The film was shot in 1975, then sat unreleased until 1981. Bootleg video copies circulated for years among musicians, and when an official DVD release finally came in 2000, the movie’s cult broadened. (That DVD, by the way, included a passel of bonus performances, which one hopes will be replicated on an eventual physical media release of this restored edition.)
Perhaps appropriately, the movie is a slapdash affair. It doesn’t provide any context as far as the impact of these young rebels on the established country-music establishment, and there’s no real rhyme or reason to the order of the performances, other than a fitting finale capturing a Christmas Eve (into Christmas Day) party at Guy Clark’s house. For biographical data and cultural commentary, we have Burns. For an ineffable, you-are-there experience, though, “Heartworn Highways” is a must-see. (currently streaming via The Hollywood Theatre, Cinema 21, and the Kiggins Theatre)
If you want to start a fight among film snobs, get them talking about which of Russian director Andrei Tarkovsky’s films is the greatest. His breakthrough biopic about the 15th century painter “Andrei Roublev”? One of his cerebral, surreal, science-fictional epics, “Solaris” or “Stalker”? Or his final, elegiac masterpiece “The Sacrifice”? Just as worthy of the title is Tarkovsky’s unique, semi-autobiographical fourth feature, “Mirror.”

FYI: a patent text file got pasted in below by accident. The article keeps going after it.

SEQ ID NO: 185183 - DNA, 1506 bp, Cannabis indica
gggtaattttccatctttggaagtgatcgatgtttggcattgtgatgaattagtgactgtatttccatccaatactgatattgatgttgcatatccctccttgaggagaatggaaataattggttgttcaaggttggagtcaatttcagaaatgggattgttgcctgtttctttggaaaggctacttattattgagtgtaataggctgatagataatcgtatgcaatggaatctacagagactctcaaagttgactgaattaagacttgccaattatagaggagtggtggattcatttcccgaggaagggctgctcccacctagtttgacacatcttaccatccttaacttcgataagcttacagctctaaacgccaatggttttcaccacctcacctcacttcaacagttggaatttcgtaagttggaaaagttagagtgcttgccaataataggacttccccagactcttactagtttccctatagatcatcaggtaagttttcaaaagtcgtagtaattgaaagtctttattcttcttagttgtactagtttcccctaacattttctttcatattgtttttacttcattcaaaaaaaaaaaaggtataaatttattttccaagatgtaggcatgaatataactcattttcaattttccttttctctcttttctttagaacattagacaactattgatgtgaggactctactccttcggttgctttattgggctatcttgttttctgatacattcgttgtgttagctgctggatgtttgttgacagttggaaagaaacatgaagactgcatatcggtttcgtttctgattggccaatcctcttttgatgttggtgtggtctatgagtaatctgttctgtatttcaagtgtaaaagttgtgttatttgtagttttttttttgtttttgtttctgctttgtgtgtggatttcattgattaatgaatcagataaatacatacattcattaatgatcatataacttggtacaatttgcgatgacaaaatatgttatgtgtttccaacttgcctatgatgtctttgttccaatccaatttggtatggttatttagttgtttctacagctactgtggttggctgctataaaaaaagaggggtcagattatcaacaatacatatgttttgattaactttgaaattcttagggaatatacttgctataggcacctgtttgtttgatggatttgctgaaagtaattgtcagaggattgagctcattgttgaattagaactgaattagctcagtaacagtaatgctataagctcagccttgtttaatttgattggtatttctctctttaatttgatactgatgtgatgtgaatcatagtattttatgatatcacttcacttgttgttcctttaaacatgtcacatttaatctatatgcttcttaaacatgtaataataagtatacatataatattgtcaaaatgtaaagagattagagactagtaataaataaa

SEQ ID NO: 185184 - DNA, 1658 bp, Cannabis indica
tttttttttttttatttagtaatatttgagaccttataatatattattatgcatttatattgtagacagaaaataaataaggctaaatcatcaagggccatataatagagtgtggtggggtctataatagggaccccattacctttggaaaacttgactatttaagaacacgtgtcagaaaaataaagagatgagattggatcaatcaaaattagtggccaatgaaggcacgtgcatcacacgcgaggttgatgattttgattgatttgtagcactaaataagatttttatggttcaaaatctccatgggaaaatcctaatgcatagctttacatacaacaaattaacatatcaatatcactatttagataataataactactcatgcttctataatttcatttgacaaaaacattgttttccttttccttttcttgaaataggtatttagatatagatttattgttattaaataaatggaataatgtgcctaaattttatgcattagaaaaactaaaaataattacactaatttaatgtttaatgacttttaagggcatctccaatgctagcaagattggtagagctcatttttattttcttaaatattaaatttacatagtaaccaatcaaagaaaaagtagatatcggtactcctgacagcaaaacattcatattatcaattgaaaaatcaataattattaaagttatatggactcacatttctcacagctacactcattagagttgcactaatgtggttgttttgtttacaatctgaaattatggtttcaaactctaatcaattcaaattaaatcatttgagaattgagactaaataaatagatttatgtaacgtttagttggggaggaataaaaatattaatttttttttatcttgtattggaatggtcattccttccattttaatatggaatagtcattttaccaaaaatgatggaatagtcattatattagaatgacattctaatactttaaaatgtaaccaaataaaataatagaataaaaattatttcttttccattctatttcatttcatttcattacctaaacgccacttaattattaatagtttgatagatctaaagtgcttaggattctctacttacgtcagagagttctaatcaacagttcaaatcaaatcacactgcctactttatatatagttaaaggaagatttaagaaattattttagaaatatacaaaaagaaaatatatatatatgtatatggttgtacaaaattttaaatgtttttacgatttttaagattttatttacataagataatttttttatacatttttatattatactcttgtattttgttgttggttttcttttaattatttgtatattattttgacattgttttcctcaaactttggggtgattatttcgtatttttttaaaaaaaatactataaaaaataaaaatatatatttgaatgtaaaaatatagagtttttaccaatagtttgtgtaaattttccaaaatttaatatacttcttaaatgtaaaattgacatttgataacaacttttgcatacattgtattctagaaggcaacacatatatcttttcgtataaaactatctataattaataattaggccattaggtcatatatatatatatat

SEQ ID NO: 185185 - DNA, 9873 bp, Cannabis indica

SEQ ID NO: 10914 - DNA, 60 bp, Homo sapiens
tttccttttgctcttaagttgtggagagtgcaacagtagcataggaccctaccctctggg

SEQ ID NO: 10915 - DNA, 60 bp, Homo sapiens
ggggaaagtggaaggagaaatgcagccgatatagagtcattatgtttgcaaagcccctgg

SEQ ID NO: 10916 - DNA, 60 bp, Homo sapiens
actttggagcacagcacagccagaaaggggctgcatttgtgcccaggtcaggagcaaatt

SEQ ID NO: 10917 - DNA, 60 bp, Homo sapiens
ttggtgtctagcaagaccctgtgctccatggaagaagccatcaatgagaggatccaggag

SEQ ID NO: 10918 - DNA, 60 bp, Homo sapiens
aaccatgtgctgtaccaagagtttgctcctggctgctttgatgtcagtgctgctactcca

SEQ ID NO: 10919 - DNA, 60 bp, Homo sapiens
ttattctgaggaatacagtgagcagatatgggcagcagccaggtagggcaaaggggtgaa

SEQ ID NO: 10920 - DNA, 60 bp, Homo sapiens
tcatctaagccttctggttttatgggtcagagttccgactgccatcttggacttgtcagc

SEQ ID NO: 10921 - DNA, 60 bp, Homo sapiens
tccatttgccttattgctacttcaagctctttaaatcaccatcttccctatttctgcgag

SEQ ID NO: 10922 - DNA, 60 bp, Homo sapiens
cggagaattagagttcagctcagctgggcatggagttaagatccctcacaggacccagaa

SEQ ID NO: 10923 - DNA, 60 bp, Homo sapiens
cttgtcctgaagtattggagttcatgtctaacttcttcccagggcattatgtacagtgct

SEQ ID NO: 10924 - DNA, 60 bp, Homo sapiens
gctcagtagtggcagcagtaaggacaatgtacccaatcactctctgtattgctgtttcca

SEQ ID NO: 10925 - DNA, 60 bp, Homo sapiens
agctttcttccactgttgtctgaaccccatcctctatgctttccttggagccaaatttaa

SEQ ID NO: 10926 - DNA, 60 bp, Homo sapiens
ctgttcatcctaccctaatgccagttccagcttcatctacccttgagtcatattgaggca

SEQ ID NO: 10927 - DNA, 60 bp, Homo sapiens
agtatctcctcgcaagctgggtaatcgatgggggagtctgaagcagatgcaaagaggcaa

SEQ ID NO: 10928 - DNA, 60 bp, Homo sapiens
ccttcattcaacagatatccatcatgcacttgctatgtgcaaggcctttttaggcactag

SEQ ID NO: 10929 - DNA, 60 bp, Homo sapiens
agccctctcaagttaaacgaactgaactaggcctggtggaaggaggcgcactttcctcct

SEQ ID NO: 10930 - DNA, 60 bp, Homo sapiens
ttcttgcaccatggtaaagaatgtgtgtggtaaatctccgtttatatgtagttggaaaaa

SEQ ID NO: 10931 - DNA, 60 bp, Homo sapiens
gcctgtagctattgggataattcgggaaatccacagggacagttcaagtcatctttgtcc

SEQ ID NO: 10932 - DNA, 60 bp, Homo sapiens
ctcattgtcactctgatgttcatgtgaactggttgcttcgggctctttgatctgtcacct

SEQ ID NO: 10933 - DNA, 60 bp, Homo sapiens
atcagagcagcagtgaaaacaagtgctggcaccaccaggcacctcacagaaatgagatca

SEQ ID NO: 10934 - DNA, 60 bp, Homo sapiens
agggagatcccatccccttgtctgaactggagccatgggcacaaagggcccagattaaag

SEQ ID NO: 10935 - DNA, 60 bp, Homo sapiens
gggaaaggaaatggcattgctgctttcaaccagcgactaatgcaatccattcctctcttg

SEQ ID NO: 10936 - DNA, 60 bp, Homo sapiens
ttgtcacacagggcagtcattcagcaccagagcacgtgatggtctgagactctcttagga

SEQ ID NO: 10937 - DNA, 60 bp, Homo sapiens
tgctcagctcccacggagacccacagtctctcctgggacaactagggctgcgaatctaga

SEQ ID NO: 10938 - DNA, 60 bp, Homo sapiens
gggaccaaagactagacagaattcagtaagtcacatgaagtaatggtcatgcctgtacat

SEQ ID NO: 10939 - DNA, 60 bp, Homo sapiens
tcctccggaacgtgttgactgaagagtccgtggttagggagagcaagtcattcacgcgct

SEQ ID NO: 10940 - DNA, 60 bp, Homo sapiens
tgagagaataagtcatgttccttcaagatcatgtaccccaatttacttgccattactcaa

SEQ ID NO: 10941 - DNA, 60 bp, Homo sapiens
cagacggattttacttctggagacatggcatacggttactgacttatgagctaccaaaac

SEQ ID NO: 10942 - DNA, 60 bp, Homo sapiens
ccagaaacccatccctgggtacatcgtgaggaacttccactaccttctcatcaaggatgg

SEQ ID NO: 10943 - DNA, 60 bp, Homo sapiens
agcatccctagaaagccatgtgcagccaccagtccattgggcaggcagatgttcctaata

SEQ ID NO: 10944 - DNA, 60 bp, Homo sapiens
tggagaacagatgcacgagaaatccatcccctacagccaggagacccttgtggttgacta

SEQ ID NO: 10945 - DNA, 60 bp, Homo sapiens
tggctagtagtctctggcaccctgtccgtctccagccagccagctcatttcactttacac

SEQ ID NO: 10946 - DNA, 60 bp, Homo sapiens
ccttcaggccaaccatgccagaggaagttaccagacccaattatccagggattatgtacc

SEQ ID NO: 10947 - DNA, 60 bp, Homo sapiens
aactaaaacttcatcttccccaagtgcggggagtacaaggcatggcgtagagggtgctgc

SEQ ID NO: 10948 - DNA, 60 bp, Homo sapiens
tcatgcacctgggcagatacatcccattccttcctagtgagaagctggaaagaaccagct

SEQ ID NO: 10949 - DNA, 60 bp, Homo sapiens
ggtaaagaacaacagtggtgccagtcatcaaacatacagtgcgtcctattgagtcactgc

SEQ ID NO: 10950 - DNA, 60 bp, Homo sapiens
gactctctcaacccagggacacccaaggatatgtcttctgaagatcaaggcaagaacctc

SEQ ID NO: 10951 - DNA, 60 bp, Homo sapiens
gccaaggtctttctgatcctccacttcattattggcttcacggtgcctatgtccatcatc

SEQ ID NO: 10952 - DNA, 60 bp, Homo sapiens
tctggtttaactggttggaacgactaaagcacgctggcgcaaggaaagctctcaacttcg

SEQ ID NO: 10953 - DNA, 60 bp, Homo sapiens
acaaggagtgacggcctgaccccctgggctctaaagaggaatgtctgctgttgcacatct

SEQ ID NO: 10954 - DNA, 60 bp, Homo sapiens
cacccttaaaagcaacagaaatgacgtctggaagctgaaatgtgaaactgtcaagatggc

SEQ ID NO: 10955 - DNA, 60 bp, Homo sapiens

The term “cinematic poem” gets thrown around a lot, but that’s what “Mirror” is: a nonlinear, memory-driven experience incorporating a variety of visual motifs to communicate a poet’s impressions of his life as a child, an adolescent, and an adult. The cinematography and structure are intricate, sometimes baffling, and ultimately transcendent. Like “Heartworm Highways,” (now there’s a comparison surely never made before!) it struggled to find an audience after its mid-1970s creation, but has grown in esteem ever since. The most latest Sight & Sound directors’ poll ranked it the ninth best film ever made, so don’t just take it from me—this newly restored Janus Films release (which would be even more of a must-see on the big screen) is well worth your time. (Streaming via Cinema 21)
Also of note:
“You Go to My Head”: Attention all skeezy middle-aged architects who find beautiful amnesiac women wandering in the Sahara, take them home, and tell them you’re their husband: do NOT leave her Hello Kitty wristwatch with her and her real husband’s names engraved on the back lying around. It’s bound to complicate things. That’s neither the only, nor (obviously) worst mistake that Jack (Svetozar Cvetković) makes in this languid, moderately exploitive, slow-burn psychodrama, but it’s the silliest. As the amnesiac in question, delicately trying to piece together why her new life doesn’t quite ring true, Belgian model-turned-actress Delfine Bafort gives an intriguing, enigmatic performance, and the desert landscapes are stunningly photographed. There’s not much more to this picture, but it’s enough.
“M.C. Escher: Journey to Infinity”: The patron saint of dorm room posters gets a worshipful documentary treatment, as Stephen Fry narrates a chronicle of the Dutch mathematician-cum-artist’s life, and various luminaries weigh in on their experiences with the man and/or his art. Where did the inspiration for all this geometric psychedelia come from? What did the relatively ascetic, sixty-something Escher think of his work’s appeal to the counterculture? Are those black birds turning into white birds or vice versa? At least some of those questions will be answered. (Currently streaming via Cinema 21 and the Kiggins Theatre.)